There is a way to phrase our thoughts, our desires that can be very direct, to the point, and short. “Take out the trash” Pick up your clothes” Get out of Bed” This mode of communicating can be effective, now granted sometimes it has to be repeated multiple times before the command is actually obeyed, but it leaves no margin of error as to what needs to be addressed. Then there is a manner of getting the same point across which can be a little less jarring but works to accomplish the same goal, “Honey, would you be so good as to take out the trash for me?” or “Time to get our of bed, I just finished cooking all the bacon” I love when Fr. Joe says that in the morning—Just kidding.

For whatever reason it is pretty evident that within our human condition we as individuals really don’t like being told what to do. Generally, it makes no difference if you are 87 and retired or 2 years old and still just getting your footing—–having someone tell you what to whether it be take this pill, do these exercises, don’t put this or that in your mouth, stop terrorizing the dog, or the worst of all BE HAVE. I think there is a temptation out there to believe that this is what Church is—that Church is a set of rules created by some holy roller to suck the fun out of all our lives. Or in other words to be holy means to be boring. Nothing could be further from the truth, look no further than the people as Church we hold as role models. The saints our are heroes not because they were these curmudgeons who no one could relate to, but because they were dynamic witnesses to just how beautiful life looks when it is lived well.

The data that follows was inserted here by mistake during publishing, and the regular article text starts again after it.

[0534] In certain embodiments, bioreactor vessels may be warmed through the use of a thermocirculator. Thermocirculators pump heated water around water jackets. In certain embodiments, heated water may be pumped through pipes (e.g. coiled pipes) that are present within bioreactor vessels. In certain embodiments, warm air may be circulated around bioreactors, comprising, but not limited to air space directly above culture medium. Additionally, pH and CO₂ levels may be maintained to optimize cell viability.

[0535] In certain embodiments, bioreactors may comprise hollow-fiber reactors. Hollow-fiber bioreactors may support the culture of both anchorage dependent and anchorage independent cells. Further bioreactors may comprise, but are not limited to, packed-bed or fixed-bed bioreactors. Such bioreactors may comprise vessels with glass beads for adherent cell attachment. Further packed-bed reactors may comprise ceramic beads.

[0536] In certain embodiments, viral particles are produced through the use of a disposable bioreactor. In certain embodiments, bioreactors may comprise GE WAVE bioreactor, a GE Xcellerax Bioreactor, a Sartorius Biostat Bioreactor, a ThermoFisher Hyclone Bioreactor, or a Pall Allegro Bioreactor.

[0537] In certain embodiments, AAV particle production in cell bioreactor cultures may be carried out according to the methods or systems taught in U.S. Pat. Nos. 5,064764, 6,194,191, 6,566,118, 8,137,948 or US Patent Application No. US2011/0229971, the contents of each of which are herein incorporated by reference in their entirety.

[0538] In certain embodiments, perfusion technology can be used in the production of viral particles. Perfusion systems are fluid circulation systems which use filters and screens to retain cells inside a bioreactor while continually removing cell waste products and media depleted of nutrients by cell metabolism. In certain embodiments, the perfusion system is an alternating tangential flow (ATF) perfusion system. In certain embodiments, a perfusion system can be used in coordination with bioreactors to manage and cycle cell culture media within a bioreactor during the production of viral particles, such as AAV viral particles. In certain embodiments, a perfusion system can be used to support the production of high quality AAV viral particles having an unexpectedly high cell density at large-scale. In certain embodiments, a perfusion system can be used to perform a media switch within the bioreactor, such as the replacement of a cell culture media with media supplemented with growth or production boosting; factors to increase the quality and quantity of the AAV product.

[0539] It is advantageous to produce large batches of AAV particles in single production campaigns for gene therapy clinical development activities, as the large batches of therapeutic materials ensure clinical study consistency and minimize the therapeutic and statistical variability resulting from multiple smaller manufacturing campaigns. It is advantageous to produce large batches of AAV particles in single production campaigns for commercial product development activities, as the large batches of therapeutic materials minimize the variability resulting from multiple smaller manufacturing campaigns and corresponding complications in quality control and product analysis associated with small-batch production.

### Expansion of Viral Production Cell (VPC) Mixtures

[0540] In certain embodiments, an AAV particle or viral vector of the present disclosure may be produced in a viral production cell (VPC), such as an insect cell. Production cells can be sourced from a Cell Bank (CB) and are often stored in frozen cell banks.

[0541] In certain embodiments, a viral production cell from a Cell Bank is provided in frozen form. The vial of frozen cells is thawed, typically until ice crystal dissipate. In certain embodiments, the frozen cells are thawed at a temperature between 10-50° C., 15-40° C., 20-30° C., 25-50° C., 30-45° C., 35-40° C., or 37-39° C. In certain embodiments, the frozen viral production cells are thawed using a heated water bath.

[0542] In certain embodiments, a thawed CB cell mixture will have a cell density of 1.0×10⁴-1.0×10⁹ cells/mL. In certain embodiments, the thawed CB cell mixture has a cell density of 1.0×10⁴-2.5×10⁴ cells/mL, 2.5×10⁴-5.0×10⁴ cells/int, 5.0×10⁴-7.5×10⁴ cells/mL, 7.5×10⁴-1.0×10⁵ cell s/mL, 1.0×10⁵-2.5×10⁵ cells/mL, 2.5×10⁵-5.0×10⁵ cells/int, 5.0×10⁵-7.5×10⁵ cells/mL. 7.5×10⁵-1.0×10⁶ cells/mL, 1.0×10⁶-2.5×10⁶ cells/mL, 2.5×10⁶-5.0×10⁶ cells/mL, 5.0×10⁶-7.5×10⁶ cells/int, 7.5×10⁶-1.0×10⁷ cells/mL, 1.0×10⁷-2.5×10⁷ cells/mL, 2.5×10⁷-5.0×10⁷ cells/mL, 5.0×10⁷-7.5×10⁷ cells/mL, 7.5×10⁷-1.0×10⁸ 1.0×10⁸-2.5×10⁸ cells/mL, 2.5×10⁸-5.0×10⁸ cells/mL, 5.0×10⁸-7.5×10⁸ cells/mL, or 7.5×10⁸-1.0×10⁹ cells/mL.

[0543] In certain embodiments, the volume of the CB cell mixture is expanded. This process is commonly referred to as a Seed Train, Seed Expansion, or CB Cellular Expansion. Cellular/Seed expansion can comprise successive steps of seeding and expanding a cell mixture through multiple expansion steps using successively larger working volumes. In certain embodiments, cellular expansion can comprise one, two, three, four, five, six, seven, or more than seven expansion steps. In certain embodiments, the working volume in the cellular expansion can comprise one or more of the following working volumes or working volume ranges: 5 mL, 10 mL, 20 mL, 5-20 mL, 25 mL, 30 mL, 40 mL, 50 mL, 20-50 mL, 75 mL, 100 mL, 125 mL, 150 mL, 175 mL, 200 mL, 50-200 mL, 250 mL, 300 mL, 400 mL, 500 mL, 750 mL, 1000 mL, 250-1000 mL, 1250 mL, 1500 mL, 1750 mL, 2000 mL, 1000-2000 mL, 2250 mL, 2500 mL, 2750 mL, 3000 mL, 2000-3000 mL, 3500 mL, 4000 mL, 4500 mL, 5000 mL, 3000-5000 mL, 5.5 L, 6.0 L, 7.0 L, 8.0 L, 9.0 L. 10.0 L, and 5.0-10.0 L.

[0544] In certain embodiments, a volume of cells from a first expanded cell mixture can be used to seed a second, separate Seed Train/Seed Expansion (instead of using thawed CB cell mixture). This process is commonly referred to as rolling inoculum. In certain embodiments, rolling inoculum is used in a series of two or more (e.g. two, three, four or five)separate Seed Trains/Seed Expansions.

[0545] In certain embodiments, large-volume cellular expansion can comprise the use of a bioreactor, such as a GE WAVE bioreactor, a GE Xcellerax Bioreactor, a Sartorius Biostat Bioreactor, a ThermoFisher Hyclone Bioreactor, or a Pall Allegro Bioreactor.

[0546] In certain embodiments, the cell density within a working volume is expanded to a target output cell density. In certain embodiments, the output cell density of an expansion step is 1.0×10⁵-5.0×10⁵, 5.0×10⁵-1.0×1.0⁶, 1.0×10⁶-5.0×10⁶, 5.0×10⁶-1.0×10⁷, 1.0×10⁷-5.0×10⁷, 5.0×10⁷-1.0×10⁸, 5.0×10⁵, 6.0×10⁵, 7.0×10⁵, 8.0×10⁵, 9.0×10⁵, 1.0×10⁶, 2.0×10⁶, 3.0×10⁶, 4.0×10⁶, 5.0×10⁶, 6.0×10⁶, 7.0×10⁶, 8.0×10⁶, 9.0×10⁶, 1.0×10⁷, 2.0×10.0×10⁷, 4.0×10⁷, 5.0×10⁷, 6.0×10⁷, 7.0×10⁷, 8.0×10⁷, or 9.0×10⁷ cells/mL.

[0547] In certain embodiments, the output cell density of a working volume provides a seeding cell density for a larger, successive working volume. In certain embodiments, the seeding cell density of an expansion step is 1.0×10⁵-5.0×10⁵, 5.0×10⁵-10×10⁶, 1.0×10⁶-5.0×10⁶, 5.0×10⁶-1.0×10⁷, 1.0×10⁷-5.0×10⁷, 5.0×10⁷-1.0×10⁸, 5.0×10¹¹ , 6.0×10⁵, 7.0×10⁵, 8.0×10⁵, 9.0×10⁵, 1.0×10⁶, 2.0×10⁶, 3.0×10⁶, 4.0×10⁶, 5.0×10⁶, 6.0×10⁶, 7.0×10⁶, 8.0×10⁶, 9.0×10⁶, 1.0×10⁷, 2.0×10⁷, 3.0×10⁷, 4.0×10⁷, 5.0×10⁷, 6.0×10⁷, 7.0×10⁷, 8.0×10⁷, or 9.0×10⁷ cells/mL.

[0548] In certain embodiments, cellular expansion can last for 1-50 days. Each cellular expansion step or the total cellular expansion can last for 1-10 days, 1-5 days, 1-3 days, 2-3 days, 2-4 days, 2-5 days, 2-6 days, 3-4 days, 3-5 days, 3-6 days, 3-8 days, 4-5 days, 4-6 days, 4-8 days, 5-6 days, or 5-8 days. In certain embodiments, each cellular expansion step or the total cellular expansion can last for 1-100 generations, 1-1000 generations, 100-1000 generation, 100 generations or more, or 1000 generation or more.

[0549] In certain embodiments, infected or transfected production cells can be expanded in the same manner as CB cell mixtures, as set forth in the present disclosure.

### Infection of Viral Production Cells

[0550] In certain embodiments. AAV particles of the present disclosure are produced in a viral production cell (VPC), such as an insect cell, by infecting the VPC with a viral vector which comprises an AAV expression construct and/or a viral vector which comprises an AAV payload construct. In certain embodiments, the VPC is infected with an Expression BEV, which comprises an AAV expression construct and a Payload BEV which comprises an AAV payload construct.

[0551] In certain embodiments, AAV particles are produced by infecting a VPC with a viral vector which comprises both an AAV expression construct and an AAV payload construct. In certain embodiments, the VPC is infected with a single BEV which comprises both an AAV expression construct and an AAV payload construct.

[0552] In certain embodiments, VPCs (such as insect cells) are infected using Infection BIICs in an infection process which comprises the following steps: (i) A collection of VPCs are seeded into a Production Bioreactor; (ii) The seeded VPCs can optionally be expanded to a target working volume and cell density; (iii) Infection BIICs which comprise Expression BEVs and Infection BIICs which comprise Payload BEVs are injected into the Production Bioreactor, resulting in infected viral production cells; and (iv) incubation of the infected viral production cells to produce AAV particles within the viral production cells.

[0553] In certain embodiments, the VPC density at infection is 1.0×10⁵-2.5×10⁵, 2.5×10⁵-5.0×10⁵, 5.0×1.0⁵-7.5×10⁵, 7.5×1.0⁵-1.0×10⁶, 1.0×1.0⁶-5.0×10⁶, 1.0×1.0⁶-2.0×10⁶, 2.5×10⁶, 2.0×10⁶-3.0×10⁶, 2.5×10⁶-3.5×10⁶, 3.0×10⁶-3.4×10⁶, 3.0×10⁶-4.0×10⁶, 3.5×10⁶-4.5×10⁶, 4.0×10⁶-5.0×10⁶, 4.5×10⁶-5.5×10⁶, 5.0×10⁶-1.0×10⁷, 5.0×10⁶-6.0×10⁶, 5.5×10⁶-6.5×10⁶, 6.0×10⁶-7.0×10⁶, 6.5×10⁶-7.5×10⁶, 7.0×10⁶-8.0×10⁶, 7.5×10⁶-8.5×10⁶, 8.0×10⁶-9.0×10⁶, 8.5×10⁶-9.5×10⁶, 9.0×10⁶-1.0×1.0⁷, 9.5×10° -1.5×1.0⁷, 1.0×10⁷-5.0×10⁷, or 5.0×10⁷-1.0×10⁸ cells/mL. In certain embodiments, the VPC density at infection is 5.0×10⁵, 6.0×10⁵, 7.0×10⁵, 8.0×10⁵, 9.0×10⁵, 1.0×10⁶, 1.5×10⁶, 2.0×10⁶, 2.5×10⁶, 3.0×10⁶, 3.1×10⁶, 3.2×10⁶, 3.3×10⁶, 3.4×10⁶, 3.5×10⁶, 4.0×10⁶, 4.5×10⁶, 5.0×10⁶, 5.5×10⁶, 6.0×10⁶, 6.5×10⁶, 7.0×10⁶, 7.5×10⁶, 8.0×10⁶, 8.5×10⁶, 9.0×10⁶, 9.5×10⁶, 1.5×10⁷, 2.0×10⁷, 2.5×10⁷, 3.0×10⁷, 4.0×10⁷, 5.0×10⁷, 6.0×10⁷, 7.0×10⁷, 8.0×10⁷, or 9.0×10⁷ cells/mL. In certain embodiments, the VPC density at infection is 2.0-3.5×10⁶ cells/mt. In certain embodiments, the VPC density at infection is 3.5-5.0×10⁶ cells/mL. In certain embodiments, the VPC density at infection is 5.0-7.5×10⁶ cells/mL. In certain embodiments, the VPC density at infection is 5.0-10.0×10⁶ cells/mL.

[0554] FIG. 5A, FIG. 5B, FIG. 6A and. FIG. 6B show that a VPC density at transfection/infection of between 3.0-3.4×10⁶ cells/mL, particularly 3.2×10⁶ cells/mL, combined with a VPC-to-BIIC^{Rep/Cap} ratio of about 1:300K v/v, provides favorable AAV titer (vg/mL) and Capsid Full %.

Take for example, St. Gianna Mola an Italian physician who married her husband later in life, loved the arts, drama, music, nature, she had 3 children, and during her 4th pregnancy complications were discovered and she was given the option to abort her baby and save her own life or go forward and possibly dying herself. She decided to carry her child to term not simply because she wanted to follow some Catholic rule but because her love for her faith and the life within her was so deep that she could not image doing anything but what was right. This expresses what it means to be faithful and how we are to understand the inner workings of a moral code or ethic. The Church holds a hard line on such issues as abortion, contraception, homosexual unions, and the like not as a wagging finger telling us what to do, but as a compassionate mother that longs for us to know what’s right and follow it because not only does it make sense but when we really stop and see it from where the Church is truly coming from—it actually aligns with what love is really all about.

To love our neighbor as ourselves means that we first have to be willing to live for more than just ourselves, but for God too. Each week it seems that we hear a new tragedy from our country or from around the world, from Dallas to Orlando, Istanbul to Paris. The answer is not in more legislation or even more laws but in conversion. We have to pray and make our Love for God a priority. Do we seriously give him our whole heart? Do we actually want to have our whole being, our whole checking account, our whole livelihood? Does occupy our whole mind or only a portion of it when I’m not busy and there’s nothing to watch on tv? How much does He really matter to us?

To live for love is what we all really want but when it’s not ordered by principals and truth it can become off. Here in Church we as people are not perfect and
sometimes might even appear to be nothing more than just some ruler pushers, but we come to church to receive him who is perfect, Jesus Christ, the firstborn of all creation, He did not come just to tell us what to do, but he came and He died on the cross so that we might know that we are loved first. He is the good Samaritan that picks us out of sins and pays the price to have us set free. He lived for love and he gave his all…Now it’s our turn to, “Go and do likewise”.